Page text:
Virtual Reality Helps Patients To Cope With Pain

Tuesday, August 28, 2018
Virtual Reality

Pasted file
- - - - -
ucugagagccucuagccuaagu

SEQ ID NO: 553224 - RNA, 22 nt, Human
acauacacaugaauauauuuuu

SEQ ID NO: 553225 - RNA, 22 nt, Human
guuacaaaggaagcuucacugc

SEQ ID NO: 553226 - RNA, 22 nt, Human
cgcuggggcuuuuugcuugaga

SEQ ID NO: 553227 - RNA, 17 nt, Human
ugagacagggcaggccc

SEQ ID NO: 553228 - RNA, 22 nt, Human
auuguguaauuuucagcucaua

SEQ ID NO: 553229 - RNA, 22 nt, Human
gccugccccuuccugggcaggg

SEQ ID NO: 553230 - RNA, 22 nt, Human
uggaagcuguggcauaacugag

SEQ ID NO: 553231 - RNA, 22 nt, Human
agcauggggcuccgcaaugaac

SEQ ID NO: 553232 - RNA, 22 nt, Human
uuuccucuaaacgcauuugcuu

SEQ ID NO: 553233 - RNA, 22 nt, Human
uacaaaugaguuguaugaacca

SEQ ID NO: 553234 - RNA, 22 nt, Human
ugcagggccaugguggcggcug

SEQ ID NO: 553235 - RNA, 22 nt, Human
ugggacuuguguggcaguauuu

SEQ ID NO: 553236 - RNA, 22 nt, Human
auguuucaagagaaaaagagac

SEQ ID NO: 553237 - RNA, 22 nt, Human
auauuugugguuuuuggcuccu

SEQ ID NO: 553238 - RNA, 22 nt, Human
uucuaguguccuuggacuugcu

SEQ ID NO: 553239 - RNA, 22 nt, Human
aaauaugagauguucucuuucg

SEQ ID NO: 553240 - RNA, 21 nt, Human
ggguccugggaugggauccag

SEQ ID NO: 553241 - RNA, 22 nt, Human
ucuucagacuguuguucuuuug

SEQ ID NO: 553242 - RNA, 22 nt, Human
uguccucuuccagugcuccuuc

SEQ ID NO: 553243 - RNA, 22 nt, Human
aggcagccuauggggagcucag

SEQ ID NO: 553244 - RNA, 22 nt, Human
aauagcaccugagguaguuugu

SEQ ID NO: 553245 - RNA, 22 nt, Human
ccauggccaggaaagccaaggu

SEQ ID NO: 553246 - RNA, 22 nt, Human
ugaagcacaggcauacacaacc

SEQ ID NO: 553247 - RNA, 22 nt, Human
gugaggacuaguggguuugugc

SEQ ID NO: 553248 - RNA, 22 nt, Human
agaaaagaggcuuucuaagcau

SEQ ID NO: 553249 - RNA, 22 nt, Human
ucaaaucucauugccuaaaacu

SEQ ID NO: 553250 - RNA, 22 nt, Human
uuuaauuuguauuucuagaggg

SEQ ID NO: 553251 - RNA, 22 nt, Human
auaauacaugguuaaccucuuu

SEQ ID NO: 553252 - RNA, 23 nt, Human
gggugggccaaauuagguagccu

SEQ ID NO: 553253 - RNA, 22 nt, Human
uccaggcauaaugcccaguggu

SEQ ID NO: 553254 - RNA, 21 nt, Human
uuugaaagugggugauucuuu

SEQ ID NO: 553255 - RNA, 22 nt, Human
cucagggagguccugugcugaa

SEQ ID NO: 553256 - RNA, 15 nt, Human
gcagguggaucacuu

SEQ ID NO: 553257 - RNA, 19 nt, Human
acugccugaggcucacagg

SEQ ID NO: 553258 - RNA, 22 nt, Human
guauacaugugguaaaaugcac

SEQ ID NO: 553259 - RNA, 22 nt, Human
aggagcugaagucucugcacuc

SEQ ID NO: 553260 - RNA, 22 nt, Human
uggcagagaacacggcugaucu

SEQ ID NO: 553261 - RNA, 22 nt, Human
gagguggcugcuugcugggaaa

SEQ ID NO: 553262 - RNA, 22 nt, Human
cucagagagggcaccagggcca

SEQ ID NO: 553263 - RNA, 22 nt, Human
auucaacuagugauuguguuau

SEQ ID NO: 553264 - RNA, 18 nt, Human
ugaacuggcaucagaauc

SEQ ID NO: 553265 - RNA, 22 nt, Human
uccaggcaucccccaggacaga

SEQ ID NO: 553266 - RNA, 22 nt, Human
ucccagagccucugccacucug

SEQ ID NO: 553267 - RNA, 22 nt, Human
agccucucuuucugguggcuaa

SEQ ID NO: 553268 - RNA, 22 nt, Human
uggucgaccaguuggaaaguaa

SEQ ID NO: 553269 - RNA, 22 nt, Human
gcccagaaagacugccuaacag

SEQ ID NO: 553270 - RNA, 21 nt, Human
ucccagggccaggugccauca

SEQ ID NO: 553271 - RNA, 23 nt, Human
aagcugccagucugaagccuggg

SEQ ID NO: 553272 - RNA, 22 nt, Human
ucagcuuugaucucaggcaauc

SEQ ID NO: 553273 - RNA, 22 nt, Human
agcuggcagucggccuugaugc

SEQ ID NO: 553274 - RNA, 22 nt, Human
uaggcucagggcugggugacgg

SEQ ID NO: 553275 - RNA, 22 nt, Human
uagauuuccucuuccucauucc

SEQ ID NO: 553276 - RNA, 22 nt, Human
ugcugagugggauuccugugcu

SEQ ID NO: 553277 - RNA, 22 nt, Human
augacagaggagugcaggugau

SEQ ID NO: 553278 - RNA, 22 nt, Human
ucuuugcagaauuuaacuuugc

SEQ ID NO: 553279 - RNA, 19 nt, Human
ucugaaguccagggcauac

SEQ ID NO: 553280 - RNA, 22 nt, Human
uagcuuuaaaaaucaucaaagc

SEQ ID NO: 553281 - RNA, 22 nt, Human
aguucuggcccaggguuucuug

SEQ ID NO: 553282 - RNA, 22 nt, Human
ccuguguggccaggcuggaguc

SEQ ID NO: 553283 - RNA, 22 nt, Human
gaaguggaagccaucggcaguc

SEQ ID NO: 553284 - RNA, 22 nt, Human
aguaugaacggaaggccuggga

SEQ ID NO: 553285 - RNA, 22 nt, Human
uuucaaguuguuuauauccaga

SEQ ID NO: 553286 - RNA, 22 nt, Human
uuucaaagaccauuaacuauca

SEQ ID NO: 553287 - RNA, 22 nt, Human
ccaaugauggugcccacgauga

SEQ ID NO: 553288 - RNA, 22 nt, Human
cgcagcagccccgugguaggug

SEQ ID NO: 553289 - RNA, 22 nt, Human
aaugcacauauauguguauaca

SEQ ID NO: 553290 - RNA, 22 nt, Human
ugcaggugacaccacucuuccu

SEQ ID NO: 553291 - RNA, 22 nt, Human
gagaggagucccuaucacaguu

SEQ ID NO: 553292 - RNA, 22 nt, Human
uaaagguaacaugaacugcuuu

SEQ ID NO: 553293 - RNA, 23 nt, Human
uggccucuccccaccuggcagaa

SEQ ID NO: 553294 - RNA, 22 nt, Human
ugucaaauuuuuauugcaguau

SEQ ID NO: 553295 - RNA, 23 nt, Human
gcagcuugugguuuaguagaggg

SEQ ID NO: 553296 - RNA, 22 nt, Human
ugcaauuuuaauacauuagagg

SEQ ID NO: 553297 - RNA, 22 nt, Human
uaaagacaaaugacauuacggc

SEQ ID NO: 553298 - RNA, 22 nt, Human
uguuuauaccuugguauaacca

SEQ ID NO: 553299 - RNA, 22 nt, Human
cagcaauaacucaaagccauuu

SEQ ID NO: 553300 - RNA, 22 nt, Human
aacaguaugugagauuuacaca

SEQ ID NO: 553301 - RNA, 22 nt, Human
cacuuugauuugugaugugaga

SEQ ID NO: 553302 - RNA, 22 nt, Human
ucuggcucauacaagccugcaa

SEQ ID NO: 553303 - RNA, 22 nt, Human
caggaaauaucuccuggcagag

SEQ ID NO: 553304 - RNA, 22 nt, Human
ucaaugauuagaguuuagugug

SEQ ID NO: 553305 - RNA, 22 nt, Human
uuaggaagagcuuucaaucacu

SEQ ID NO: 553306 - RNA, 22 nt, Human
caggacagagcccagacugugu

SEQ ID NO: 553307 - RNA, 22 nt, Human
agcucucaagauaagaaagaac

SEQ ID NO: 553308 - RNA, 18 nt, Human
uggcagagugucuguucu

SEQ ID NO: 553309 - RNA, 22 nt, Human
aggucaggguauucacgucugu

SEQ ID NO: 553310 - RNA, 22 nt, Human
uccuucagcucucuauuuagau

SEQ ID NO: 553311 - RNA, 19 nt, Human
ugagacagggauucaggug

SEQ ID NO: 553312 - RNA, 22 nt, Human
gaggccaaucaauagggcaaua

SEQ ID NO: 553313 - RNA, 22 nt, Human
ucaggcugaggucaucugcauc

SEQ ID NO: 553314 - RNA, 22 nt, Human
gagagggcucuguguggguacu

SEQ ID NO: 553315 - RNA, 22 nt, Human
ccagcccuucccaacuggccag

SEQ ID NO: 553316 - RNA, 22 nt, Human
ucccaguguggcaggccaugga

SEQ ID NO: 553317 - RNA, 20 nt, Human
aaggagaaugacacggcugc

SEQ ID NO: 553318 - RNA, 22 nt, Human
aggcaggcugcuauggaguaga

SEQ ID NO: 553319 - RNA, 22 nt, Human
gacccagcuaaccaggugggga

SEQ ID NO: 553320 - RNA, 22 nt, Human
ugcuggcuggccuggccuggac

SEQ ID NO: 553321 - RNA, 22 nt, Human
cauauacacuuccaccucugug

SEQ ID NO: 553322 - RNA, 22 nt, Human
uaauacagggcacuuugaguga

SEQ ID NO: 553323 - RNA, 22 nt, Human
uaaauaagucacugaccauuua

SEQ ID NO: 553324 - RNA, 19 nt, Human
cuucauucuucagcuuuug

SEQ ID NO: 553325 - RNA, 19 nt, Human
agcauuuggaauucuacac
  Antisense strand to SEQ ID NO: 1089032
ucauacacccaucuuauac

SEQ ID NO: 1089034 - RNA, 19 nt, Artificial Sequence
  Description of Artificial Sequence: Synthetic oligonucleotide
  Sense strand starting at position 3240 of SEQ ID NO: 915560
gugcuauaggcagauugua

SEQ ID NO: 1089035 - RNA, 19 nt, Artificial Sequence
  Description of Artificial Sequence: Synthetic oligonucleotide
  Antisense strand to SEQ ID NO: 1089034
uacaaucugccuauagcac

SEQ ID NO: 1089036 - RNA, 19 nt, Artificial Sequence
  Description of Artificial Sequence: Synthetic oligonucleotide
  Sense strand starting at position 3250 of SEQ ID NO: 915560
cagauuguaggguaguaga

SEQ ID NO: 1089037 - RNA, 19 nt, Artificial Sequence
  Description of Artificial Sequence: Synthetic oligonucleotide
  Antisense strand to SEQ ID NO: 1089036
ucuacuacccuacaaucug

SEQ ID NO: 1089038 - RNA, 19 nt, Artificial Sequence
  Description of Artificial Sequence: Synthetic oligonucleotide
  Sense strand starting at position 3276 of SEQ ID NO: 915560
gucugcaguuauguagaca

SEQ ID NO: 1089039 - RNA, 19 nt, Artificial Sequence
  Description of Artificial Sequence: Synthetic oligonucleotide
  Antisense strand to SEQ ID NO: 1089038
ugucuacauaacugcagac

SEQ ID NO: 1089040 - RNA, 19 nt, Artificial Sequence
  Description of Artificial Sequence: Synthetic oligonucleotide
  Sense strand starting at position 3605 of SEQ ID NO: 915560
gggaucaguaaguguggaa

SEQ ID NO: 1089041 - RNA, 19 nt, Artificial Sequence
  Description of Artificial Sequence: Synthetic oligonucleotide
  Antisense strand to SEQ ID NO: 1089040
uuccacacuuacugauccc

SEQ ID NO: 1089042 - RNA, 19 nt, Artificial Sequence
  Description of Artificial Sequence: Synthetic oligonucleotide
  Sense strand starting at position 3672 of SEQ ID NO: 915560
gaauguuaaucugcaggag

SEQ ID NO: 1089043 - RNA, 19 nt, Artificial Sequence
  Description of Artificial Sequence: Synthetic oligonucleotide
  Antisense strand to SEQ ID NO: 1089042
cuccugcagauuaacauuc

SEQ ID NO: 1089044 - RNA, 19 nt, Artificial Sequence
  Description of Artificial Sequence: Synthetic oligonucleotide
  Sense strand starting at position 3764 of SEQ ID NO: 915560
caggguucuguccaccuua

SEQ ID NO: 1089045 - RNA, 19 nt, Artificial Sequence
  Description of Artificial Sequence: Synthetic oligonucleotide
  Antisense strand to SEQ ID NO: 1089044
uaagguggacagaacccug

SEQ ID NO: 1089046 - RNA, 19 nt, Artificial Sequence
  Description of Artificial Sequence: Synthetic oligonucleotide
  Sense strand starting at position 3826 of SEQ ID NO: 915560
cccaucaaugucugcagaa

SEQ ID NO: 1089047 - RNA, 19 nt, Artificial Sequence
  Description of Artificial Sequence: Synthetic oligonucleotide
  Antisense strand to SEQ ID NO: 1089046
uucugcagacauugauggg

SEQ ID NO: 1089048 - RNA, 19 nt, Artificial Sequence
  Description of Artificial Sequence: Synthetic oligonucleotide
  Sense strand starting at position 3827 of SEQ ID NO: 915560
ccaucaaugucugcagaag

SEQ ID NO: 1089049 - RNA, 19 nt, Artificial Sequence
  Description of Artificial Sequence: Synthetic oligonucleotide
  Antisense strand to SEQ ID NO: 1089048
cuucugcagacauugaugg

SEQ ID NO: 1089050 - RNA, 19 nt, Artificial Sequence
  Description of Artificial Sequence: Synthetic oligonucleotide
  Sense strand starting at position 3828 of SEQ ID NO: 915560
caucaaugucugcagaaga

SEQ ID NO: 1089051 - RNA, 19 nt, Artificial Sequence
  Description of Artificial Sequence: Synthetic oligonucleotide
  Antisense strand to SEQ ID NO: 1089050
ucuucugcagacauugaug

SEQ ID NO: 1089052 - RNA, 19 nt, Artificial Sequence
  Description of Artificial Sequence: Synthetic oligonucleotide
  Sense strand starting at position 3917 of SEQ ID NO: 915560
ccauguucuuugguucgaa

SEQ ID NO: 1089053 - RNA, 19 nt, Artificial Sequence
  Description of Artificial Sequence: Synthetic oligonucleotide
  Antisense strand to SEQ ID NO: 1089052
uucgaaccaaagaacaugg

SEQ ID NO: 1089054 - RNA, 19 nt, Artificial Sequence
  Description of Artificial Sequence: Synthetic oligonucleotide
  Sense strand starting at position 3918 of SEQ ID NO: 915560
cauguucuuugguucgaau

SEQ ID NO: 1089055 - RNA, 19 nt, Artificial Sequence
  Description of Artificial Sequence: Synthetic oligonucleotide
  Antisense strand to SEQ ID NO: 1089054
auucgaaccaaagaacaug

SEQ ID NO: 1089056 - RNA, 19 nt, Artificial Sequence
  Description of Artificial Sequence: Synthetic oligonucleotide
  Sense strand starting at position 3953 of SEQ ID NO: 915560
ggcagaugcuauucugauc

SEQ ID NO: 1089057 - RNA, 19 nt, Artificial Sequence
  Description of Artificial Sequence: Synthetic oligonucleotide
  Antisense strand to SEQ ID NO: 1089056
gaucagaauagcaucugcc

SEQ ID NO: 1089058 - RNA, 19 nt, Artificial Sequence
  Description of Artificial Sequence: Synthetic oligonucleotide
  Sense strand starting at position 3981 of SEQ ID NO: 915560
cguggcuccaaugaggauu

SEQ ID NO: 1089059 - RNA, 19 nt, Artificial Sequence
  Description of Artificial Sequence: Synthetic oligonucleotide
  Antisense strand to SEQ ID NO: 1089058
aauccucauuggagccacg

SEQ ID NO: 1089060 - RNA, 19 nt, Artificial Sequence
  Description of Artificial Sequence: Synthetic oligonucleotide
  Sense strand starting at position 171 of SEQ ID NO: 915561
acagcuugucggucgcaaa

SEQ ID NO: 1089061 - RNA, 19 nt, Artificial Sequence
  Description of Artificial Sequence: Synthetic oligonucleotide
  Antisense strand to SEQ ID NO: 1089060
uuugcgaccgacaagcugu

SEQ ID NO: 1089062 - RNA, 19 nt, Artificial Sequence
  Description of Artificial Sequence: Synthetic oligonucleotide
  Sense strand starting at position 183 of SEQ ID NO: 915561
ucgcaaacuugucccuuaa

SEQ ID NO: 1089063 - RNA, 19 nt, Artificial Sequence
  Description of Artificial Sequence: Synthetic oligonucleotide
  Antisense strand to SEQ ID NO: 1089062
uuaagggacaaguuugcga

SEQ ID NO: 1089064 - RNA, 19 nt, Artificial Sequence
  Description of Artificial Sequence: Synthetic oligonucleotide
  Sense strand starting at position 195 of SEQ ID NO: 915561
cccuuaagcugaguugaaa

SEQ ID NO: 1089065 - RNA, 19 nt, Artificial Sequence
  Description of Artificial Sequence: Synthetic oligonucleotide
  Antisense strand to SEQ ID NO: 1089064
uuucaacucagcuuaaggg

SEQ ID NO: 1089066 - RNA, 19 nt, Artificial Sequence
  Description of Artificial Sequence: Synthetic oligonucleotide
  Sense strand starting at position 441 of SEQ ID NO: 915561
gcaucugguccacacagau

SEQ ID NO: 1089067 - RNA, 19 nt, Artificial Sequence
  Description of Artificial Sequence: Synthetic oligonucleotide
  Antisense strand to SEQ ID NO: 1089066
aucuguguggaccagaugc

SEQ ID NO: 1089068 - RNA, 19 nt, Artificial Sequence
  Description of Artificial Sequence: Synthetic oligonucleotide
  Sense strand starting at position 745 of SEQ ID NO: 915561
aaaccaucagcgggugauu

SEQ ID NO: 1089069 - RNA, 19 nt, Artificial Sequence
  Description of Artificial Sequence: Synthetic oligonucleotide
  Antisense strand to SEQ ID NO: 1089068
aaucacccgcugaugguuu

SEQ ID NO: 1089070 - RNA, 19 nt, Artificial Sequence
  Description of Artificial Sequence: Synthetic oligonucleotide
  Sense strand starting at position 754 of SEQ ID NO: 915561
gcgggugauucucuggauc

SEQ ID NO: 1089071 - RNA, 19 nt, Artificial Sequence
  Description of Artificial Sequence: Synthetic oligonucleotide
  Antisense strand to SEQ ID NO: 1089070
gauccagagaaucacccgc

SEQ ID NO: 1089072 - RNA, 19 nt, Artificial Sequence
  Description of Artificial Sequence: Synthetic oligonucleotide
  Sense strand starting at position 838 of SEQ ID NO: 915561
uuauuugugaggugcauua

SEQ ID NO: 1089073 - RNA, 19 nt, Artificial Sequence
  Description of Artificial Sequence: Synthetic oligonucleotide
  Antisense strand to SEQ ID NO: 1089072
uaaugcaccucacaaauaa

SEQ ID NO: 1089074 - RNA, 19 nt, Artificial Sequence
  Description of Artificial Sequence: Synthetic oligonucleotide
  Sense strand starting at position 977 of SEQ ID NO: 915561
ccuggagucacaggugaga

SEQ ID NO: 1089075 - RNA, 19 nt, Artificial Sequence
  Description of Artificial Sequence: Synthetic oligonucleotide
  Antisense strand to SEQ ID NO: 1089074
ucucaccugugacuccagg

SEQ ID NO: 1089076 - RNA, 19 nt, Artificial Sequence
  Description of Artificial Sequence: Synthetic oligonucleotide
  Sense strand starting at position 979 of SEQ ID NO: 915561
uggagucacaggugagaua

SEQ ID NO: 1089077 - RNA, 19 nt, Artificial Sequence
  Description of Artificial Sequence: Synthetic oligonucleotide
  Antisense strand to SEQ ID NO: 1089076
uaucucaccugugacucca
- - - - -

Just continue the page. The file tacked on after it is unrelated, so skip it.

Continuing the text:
"We’re interested in understanding how we can use different technologies to improve the patient experience in ways that don’t require more drugs, and VR is one of them" says Brennan Spiegel, director of health services research at Cedars-Sinai. Many medical procedures and tests performed in every hospital are associated with stress or pain. For example, during blood drawing or inserting an intravenous line. In some cases, the patient's fear is paralyzing. To minimalize pain and distract the patient's attention, the virtual reality technology might help. Thanks to 3D headset, the hospital room can be replaced with a green park, a sunny beach or a mysterious planet. "The VR helped me get through what I was so fearful of – like that I wasn’t able to do it – and I delivered my baby without any assistance of drugs" says Erin Martucci, 42, who tried VR goggles for the first time. During the procedure, she entered a beach scene. Virtual woman’s voice went through the breathing with her. "Having the visual and narration definitely calmed me down and took away that anxiety, and I knew that I could do it without the epidural" she adds. [caption id="attachment_24886" align="aligncenter" width="640"]Virtualreality Hospital Digital health SnowWorld – a game that changes hospital room into an icy polar world where patient can throw virtual snowballs at penguins and snowmen.[/caption] "Maybe VR can complement a lower dose of pain medication or will eliminate the need for medicine altogether for some patients, which would be optimal" says Jeffrey I. Gold, director of the Pediatric Pain Management Clinic at Children’s Hospital Los Angeles, where VR is in use since 2004. Virtual reality has become there a part of hospital culture, helping to deliver better patient care. Virtual reality as a therapy for pain is not a new idea. Already in 1990 researchers started to study the application of VR in medicine. A growing interest in virtual reality distraction therapy and a widespread use came first with a fast technological advancement. Today, VR headsets have become affordable and smaller. A number of studies shows promising results. In a study involving 18 patients, Theresa McSherry – a nurse practitioner at the Oregon Clinic in Portland – and her colleagues found that “VR reduced the amount of opioid medication requested from patients by 39 percent”. Despite many studies and growing excitement, virtual reality still has to overcome some barriers. For many it’s still unproven technology. The cost of VR headset remains relatively high. Too less large studies have been done do prove VR’s benefits.